Influencing Change through Collaboration Jerry D. VanVactor, DHA

Report
Influencing Change
through Collaboration
Jerry D. VanVactor, DHA, FAHRMM
U.S. Army Medical Service Corps
Military Representative to the AHRMM Board of Directors
First…evaluate your
perspective….
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First…evaluate your
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First…evaluate your
perspective….
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Agenda
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Objectives
How difficult is change?
Critical Thinking
Resistance to change
Equilibrium
Linear Management Concept and Theory
Chaos Theory
Interconnectivity
Stakeholder Management
Collaborative Communications Model
Succession Planning and Management
OBJECTIVES
• Can leaders influence change in organizational
behavior through collaborative communications?
• Does permitting multifaceted ownership of
processes throughout an organization aid in creating
opportunities for change?
• How can change be inculcated into organizational
processes and behavior?
• Who can best use collaborative communications?
• How can change help improve processes throughout
an organization?
Managers among health care organizations must
monitor change in anticipation of points of
convergence among trends and to effectively
meet challenges presented (Liebler & McConnell, 2012)
“More than 80% of all change efforts fail”
-- David Smith, Taking Charge of Change
Some reasons include:
- Underestimation of size and scope of initiative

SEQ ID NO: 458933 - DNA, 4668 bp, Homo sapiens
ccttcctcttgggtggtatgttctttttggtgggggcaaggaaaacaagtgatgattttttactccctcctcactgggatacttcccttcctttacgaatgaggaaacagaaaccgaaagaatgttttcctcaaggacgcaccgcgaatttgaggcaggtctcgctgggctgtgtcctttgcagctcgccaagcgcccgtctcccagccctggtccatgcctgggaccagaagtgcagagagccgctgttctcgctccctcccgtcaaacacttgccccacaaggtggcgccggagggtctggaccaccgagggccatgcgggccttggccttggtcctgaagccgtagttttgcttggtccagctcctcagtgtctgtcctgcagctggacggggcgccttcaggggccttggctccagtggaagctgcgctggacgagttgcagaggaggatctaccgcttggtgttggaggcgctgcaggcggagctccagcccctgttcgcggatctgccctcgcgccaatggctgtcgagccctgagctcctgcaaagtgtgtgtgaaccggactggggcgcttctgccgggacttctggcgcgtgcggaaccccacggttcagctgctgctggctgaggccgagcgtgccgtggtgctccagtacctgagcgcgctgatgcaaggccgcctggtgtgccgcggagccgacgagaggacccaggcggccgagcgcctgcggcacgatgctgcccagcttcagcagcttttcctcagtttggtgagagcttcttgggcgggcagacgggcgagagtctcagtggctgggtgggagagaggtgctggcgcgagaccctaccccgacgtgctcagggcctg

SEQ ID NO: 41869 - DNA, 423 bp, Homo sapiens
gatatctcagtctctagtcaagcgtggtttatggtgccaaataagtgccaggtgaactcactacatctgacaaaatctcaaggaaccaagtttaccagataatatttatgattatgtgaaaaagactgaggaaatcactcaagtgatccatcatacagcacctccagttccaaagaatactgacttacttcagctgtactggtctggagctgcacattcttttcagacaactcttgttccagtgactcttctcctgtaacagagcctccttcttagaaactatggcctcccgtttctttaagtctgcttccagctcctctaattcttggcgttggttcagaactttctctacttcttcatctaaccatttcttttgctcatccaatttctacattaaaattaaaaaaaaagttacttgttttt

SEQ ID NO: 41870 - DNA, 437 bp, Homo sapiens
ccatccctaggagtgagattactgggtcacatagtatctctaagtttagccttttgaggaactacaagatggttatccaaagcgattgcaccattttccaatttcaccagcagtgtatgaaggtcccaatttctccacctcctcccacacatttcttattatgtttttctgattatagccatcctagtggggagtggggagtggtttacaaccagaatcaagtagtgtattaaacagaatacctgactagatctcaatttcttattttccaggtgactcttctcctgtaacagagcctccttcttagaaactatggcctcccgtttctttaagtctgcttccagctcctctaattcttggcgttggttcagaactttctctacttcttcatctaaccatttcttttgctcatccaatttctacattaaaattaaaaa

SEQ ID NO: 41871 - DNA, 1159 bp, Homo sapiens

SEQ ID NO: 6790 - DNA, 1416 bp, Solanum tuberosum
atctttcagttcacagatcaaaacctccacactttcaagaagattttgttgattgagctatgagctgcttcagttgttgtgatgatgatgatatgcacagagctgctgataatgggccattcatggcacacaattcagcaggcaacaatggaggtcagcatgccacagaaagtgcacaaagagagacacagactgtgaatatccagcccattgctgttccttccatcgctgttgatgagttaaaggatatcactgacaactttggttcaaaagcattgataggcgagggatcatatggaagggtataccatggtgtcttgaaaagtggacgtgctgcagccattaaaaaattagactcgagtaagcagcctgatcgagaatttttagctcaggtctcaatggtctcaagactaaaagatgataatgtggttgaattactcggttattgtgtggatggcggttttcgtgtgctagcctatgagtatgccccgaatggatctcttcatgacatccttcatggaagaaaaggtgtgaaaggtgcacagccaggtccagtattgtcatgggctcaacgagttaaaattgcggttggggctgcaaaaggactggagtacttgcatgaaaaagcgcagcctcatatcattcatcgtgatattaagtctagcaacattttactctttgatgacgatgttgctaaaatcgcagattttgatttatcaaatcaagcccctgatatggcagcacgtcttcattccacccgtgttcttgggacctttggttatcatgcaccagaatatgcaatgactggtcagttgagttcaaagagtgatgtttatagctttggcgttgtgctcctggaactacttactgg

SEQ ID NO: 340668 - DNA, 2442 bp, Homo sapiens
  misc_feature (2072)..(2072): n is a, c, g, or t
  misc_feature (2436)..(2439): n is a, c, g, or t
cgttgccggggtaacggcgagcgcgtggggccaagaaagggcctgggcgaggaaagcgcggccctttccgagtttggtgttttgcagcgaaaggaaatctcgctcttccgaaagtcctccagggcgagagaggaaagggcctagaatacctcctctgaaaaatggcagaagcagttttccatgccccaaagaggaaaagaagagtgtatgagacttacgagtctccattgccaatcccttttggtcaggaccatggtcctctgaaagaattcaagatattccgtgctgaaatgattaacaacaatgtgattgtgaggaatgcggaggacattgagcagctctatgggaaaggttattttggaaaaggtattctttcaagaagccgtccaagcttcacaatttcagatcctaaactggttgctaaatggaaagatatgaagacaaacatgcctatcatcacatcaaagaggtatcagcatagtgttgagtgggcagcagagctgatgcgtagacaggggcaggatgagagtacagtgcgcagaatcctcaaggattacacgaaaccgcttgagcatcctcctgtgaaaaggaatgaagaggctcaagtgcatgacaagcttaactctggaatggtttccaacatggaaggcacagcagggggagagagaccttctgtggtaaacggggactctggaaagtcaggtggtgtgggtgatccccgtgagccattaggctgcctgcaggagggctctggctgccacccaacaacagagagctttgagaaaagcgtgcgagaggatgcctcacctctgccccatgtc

- Technical constraints
- Lack of good leadership (Slone, Dittman, & Mentzer, 2010)
- Leaders set the direction for change
- Challenge others to develop suggestions for how
to best set a course toward organizational vision,
mission, values
- Develop metrics for assessing success
- Initiatives must be nurtured, cultivated, and
sustained
9
Supply chain specific
constraints
- Fixing the wrong things
- Failing to draw a line in the sand
- Ability to say “no” or “not yet”
- Ability to say “yes” at the appropriate time
- Quantification of benefits with change
- Inability to mitigate significant risks
(SOURCE: Slone, Dittman, & Mentzer, 2010)
- Change cannot be happenstance or based on
a preferred option
- change should be evidence-based and data driven
- Change should be orchestrated among the
very people it will affect
- inclusion = ownership
- Develop a roadmap for change
“If you don’t know where you’re going, you’ll probably end up
somewhere else.”
-- (Peter & Hull, 2009, p. 145)